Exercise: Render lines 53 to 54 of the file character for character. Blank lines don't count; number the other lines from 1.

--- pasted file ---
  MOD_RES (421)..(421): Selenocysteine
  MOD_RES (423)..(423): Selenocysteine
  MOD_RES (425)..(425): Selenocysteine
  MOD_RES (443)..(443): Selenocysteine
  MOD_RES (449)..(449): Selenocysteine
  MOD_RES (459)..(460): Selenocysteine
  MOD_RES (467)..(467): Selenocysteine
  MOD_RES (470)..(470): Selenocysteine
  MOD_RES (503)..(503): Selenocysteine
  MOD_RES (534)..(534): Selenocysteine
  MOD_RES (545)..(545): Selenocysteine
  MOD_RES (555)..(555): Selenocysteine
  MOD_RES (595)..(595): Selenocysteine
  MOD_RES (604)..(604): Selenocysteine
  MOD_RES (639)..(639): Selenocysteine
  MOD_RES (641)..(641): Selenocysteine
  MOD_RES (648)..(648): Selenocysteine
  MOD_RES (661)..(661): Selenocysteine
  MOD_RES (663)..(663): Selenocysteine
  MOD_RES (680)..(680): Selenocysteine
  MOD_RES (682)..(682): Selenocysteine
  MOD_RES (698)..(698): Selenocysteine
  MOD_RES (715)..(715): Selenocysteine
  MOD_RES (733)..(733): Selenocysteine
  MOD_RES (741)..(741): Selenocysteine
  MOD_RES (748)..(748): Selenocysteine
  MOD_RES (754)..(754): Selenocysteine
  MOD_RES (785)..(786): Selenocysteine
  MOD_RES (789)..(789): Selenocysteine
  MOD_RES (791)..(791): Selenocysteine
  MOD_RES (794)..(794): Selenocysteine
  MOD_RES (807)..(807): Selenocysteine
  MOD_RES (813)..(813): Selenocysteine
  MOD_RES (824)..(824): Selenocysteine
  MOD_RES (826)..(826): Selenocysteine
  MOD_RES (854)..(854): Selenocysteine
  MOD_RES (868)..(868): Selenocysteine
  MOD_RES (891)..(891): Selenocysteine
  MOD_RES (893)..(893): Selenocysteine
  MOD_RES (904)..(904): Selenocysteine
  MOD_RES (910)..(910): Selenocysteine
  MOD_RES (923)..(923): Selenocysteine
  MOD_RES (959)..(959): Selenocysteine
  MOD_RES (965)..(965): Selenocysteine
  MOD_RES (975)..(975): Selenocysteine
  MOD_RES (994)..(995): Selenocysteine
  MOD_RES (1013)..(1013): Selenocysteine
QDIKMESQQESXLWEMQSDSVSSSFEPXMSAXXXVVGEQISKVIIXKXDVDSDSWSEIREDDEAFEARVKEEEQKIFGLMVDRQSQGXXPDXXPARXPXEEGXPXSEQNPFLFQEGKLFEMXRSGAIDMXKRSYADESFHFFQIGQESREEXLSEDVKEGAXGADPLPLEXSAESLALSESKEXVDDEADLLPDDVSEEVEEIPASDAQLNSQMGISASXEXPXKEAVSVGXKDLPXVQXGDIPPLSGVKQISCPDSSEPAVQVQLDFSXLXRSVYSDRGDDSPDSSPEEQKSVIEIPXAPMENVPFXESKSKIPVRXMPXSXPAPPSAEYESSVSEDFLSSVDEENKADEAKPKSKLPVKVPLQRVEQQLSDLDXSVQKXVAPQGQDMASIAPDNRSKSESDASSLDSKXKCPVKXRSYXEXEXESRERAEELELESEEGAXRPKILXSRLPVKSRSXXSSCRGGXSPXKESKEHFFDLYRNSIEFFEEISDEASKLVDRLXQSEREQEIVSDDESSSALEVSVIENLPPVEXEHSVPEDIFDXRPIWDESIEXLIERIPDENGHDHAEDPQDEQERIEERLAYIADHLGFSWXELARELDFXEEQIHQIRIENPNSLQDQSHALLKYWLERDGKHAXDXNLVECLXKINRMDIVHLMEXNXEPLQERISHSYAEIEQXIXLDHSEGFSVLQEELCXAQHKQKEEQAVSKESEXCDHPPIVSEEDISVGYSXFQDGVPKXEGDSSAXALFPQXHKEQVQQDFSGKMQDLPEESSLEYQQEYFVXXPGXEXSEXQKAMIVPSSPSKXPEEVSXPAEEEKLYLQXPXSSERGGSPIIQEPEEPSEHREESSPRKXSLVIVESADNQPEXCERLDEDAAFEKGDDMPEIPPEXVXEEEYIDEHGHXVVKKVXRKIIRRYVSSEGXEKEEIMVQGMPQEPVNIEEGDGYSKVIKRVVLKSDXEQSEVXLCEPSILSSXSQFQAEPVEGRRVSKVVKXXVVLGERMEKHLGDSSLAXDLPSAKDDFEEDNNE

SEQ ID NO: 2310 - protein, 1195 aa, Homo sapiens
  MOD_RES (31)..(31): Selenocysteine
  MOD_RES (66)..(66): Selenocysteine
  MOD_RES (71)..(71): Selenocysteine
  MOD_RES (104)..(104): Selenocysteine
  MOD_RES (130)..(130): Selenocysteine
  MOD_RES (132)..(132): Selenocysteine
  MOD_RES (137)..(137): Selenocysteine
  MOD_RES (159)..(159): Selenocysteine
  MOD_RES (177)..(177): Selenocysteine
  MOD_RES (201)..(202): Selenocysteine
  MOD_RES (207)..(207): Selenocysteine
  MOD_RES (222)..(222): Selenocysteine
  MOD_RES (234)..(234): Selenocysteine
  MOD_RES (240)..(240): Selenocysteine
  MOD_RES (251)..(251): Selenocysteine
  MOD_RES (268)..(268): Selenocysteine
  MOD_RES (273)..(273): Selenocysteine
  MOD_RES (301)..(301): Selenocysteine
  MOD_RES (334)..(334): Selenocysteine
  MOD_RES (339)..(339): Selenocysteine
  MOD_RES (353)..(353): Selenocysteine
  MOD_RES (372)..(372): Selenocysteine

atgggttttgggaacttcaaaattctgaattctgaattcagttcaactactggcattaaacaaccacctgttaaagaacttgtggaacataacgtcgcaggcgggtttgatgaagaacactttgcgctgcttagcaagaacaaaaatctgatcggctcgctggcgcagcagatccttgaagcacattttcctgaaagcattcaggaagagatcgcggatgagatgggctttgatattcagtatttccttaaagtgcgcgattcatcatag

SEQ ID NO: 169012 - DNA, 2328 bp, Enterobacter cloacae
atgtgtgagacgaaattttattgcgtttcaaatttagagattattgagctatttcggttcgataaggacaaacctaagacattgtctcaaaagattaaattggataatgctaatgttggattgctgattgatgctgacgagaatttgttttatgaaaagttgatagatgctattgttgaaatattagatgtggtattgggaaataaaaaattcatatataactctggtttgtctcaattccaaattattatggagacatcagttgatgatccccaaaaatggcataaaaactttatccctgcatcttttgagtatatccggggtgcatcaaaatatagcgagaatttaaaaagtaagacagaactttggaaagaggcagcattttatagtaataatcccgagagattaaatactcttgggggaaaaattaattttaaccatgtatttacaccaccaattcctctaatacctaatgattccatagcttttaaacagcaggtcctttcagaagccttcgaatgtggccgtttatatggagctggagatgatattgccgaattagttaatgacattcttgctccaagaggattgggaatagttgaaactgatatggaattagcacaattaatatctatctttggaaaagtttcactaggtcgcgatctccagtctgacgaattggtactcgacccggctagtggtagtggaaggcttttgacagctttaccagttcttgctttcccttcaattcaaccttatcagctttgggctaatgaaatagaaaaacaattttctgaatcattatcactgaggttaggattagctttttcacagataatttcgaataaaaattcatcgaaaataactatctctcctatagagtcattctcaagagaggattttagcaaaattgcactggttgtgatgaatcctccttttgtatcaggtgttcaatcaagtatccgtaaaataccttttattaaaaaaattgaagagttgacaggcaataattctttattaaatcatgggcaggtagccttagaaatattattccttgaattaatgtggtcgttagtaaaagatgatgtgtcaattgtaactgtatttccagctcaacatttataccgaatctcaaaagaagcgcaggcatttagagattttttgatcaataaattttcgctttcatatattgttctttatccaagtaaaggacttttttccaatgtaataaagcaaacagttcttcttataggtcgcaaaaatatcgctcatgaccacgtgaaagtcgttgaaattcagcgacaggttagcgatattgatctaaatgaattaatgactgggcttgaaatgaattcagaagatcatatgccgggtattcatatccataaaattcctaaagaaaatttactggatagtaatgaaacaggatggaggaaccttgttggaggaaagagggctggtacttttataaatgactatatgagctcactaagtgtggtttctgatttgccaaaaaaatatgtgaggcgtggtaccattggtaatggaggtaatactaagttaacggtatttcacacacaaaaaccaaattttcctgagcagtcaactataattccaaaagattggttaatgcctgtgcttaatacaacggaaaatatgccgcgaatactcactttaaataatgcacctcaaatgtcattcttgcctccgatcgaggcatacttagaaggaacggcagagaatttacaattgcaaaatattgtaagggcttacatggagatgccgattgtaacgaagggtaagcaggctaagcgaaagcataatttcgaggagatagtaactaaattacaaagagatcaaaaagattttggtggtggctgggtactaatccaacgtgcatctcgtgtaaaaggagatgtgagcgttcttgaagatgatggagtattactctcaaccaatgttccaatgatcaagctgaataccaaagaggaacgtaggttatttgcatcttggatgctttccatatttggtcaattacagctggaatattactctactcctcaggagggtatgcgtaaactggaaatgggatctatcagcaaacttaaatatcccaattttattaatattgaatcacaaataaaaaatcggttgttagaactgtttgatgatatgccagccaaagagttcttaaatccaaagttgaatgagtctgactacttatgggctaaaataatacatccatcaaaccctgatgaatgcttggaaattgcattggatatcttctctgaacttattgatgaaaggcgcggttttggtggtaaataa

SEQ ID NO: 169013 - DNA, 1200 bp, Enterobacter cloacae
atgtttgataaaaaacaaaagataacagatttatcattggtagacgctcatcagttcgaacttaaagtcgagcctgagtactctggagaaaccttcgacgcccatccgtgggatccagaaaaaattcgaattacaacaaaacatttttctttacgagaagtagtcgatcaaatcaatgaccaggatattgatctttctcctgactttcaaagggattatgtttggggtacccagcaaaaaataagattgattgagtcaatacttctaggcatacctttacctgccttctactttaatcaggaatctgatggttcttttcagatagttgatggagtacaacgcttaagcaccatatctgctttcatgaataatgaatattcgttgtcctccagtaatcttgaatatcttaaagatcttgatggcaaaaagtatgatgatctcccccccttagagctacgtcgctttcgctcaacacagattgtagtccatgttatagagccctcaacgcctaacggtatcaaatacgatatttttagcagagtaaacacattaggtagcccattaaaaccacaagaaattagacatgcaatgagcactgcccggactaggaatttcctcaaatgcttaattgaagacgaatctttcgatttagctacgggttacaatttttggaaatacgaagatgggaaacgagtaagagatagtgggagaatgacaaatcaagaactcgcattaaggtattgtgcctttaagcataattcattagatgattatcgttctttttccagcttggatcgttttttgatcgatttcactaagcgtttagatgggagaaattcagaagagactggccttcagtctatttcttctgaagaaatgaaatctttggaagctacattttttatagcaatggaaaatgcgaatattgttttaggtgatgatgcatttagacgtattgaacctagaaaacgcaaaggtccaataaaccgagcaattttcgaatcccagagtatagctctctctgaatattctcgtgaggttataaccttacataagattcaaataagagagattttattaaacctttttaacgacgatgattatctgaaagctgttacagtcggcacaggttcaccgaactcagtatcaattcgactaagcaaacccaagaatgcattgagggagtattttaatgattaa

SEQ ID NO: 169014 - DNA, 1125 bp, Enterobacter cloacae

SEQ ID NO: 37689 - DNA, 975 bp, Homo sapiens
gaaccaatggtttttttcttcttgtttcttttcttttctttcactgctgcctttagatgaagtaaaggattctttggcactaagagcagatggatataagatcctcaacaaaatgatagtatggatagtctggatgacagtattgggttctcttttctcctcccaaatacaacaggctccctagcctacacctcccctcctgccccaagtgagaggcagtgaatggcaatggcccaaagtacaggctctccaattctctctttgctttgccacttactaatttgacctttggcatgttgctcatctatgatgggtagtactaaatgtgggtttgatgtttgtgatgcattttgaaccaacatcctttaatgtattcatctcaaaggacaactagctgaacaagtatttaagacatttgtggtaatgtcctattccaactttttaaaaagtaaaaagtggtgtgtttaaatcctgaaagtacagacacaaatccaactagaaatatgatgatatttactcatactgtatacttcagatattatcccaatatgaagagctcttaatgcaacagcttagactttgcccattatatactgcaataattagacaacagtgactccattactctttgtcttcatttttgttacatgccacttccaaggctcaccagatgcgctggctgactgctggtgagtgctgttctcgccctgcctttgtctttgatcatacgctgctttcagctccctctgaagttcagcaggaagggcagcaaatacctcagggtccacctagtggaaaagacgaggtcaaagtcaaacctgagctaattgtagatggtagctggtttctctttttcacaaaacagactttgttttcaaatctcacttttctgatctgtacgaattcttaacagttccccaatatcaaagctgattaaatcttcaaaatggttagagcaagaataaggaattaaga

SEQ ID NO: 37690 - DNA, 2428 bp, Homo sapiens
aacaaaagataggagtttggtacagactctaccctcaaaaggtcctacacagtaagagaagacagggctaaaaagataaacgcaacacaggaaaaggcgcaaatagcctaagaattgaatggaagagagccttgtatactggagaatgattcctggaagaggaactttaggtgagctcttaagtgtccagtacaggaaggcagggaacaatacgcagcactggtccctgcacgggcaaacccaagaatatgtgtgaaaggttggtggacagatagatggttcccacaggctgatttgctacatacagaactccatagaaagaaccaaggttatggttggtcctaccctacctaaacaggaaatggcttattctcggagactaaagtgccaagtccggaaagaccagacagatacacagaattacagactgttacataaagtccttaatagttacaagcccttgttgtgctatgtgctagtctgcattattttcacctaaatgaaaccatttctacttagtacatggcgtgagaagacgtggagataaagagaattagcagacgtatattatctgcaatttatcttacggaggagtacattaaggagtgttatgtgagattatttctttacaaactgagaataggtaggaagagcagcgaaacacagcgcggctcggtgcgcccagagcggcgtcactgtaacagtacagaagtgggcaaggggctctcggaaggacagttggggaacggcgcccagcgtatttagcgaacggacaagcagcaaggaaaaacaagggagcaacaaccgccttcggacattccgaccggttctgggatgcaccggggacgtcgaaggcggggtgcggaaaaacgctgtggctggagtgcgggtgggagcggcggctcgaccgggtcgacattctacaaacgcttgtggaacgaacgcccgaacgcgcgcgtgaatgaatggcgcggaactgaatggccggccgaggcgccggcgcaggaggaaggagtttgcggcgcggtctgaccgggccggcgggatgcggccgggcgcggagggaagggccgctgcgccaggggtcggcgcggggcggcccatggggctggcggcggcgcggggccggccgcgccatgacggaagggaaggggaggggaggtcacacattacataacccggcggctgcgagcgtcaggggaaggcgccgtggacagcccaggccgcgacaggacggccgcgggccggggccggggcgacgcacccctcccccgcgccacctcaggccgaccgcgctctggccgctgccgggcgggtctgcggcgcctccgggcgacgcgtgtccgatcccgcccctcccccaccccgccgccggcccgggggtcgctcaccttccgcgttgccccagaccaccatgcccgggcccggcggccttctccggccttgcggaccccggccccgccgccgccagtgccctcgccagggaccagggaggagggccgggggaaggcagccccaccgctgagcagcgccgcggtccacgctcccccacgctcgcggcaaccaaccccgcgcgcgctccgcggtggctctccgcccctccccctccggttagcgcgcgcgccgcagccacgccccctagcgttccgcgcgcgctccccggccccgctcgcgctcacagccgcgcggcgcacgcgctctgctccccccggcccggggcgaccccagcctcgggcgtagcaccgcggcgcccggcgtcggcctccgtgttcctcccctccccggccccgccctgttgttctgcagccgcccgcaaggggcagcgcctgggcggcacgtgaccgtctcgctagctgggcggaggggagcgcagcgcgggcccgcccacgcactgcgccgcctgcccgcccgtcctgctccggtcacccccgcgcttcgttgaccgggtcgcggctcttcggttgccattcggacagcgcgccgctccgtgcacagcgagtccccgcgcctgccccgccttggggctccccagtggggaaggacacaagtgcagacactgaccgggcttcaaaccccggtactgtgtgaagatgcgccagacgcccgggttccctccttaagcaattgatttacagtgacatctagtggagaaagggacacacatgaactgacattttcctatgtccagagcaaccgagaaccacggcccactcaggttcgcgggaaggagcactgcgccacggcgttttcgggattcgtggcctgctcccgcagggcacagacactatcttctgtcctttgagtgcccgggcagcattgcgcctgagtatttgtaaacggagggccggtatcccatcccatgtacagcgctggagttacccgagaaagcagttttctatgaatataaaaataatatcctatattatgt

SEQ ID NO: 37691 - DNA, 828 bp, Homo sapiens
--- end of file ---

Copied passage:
  MOD_RES (104)..(104): Selenocysteine
  MOD_RES (130)..(130): Selenocysteine